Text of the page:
What say you, Drew? Were you drawn into the mysterious and shady world of Velvet, or did it leave you asking for more? Also, I recently dorked out to you on a beach (!) about how the twist in The Sixth Sense is both an interesting plot device and an organic extension of the story. I hope that didn’t embarrass you too badly.
Drew: If I remember correctly, we were only talking about The Sixth Sense because I was pitching a story with a ham-fisted twist — I may be embarrassed, but it certainly isn’t your fault. Actually, your point about the ending serving both as a twist AND as a consequent of the story is very well taken, and I think you’re absolutely right to bring it up here. The organic extension of the intrigue and deception of spying leads Roberts to read Velvet’s actions as guilt. Intriguingly, that same distrust leads Colt to read her actions as innocence — in a world where nothing is what it seems, perhaps going on a killing spree isn’t all bad.
Of course, there also seems to be some predisposition to these conclusions. Colt seems to have fond memories of Velvet, even if he does feel misled about who she actually was. But Roberts chalks their difference in opinion up to something else: their job.
Roberts’ “…think you’re so different…” is just enough of a non sequitur to make it clear that he’s had a few drinks (though his posture, loosened tie, and the fact that he’s lowering an empty glass help drive it home), but he clearly has a chip on his shoulder about Field Ops. Heck, he goes so far as to refer to them derisively as “you people.” Perhaps the emotional baggage we need to worry about isn’t Colt’s, after all.
But I think the notion of different conclusions coming from different perspectives is an important one. Roberts is an investigator, so is inclined to presume guilt, where Colt is a Field Op, and is inclined to see things from Velvet’s perspective. Colt sees what Velvet is doing as exactly what he would do if he were innocent and in the same situation, where Roberts sees it as exactly what a criminal would do if she were guilty. It’s a great scene, and establishes both of these characters’ motives going forward.
Which brings me to that murder in East Berlin you highlighted above. You’re right in just how efficacious Epting is here — we’d already established the rhythms of Colt being chased by surprise set-ups (including that he’s enough of a professional to get away every time) — but for me, the real power of that sequence comes from the context of the panels leading up to it, where Colt explains just how helpful Gretchen would be to his investigation. Indeed, he’s so suspicious after she turns up dead that he starts to think Roberts might be right.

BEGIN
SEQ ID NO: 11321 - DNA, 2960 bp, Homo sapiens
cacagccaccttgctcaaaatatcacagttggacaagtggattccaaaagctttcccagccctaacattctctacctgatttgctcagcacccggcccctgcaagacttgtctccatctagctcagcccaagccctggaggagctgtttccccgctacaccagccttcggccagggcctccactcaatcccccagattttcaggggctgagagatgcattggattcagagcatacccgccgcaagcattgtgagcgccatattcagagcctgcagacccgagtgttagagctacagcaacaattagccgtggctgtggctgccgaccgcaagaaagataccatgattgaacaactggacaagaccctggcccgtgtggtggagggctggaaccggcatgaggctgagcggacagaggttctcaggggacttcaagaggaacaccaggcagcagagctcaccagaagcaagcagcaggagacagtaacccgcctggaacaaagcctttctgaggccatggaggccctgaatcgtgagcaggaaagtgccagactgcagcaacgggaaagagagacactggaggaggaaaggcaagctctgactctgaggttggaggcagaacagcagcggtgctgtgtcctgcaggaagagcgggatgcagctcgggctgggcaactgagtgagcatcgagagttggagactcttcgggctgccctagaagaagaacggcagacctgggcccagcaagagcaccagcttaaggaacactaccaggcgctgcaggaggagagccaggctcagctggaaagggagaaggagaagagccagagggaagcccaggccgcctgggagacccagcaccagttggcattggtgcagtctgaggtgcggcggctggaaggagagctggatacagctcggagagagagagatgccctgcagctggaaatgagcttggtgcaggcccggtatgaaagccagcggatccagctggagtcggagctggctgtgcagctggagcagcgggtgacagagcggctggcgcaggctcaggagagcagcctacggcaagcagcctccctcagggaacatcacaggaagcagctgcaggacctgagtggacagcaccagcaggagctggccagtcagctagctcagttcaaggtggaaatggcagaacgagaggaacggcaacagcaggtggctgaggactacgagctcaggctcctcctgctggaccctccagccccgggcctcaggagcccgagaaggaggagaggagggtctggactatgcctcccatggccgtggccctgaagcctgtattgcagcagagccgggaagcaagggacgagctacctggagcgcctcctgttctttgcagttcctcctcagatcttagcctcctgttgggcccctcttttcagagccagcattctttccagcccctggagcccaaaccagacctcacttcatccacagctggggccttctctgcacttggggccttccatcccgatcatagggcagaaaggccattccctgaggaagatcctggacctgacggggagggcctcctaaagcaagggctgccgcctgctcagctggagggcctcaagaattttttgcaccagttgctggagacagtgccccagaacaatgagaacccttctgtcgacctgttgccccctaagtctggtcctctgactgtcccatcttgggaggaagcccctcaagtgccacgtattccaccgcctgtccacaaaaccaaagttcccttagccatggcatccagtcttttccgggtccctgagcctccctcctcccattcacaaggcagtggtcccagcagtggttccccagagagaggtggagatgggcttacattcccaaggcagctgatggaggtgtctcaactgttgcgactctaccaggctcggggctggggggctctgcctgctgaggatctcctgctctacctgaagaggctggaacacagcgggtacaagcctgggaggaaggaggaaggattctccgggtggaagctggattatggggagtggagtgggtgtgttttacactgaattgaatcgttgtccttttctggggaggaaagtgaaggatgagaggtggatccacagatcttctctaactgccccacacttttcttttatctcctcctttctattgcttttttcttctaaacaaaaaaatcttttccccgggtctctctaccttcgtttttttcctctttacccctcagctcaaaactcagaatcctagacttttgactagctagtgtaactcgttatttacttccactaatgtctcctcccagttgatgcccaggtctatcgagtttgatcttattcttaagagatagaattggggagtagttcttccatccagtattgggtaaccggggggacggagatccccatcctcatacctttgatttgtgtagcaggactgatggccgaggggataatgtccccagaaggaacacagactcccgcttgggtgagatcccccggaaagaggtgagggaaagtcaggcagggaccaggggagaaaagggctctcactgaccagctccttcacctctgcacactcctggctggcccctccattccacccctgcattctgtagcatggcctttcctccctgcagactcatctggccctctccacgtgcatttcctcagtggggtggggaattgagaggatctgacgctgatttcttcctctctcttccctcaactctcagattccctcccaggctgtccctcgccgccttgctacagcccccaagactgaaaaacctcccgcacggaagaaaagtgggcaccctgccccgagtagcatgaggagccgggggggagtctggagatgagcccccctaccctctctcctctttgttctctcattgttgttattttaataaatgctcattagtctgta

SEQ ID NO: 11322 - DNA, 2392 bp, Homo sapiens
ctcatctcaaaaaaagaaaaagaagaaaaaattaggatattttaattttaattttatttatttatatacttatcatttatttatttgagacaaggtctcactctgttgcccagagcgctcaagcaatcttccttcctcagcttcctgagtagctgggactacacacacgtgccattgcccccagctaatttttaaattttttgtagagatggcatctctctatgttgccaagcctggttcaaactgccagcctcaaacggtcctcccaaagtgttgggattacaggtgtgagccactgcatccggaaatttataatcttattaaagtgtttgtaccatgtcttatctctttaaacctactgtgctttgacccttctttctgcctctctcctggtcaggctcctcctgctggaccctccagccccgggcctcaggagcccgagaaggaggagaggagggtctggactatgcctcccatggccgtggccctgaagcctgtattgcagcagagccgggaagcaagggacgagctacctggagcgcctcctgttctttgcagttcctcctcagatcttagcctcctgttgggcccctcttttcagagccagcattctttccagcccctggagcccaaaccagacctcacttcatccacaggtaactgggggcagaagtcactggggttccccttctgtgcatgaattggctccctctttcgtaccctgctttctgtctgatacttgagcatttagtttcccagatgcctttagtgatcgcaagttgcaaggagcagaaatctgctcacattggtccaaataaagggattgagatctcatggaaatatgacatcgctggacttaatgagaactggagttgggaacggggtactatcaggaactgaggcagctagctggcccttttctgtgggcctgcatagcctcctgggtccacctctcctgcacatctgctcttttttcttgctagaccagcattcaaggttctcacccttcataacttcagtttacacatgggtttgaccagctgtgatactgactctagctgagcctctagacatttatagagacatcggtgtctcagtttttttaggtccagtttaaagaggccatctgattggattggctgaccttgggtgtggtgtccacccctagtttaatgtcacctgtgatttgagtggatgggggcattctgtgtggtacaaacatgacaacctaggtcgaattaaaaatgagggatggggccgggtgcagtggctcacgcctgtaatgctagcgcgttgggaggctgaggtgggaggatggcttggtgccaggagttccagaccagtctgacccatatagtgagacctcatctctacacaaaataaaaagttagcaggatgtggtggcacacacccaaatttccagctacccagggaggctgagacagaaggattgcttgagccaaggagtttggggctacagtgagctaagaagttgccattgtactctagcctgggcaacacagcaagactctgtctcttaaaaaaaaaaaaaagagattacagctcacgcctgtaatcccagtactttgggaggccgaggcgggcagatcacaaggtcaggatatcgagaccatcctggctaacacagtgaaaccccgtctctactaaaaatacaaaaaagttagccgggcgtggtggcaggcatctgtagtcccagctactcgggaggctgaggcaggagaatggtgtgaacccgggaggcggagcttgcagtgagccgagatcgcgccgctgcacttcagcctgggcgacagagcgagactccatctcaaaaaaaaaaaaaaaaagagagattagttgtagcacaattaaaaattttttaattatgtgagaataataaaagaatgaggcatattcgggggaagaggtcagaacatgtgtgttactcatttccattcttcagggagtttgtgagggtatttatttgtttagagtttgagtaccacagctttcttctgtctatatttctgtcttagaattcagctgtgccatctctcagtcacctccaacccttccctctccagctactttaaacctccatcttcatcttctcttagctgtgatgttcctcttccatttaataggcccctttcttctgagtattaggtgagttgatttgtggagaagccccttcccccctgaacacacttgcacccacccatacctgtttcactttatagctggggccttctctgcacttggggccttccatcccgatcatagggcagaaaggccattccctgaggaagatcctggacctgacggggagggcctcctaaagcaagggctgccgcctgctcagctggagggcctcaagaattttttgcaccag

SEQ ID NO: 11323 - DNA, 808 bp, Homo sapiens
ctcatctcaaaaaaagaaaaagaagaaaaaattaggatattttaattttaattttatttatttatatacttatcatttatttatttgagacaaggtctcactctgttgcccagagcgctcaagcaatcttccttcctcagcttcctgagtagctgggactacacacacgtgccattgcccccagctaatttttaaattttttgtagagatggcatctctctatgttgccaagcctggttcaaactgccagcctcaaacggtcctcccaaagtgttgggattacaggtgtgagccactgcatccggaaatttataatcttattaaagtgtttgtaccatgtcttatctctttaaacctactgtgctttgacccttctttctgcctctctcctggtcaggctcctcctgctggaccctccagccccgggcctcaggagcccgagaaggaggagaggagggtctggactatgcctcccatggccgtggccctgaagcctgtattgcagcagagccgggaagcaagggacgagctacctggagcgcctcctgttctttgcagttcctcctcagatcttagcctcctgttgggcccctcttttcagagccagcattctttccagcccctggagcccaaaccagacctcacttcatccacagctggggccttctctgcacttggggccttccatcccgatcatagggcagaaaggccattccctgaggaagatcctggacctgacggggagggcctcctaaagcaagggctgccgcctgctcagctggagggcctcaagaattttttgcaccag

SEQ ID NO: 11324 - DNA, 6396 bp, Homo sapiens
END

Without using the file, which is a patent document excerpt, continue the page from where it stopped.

We know Velvet didn’t sic any goons on this girl, but Colt doesn’t yet have any reason to suspect that someone else might be cleaning up a mess. His only lead so far has turned up dead, and he’s receiving no support from ARC-7 as far as his investigation has gone. Actually, that meeting with Roberts may serve yet another purpose: to remind us that Colt isn’t a trained investigator. He’s able to follow hunches and has assets he can call upon, but none of those work for him in this issue, leaving him with nowhere to go with this theory.
Boy, it takes a pretty entertaining issue to make us forget that the last one ended with Velvet kidnapping Director Manning, but this one more than delivers. Like The Fugitive, which this scenario obviously has a great deal in common with, the investigators are as important to the story as the fugitive in question, so I think this pause from Velvet’s thread is not only warranted, but necessary for establishing Roberts’ state of mind as he confronts Velvet in the car park next month (or however this negotiation ends up playing out). I can’t wait.
For a complete list of what we’re reading, head on over to our Pull List page. Whenever possible, buy your comics from your local mom and pop comic bookstore. If you want to rock digital copies, head on over to Comixology and download issues there. There’s no need to pirate, right?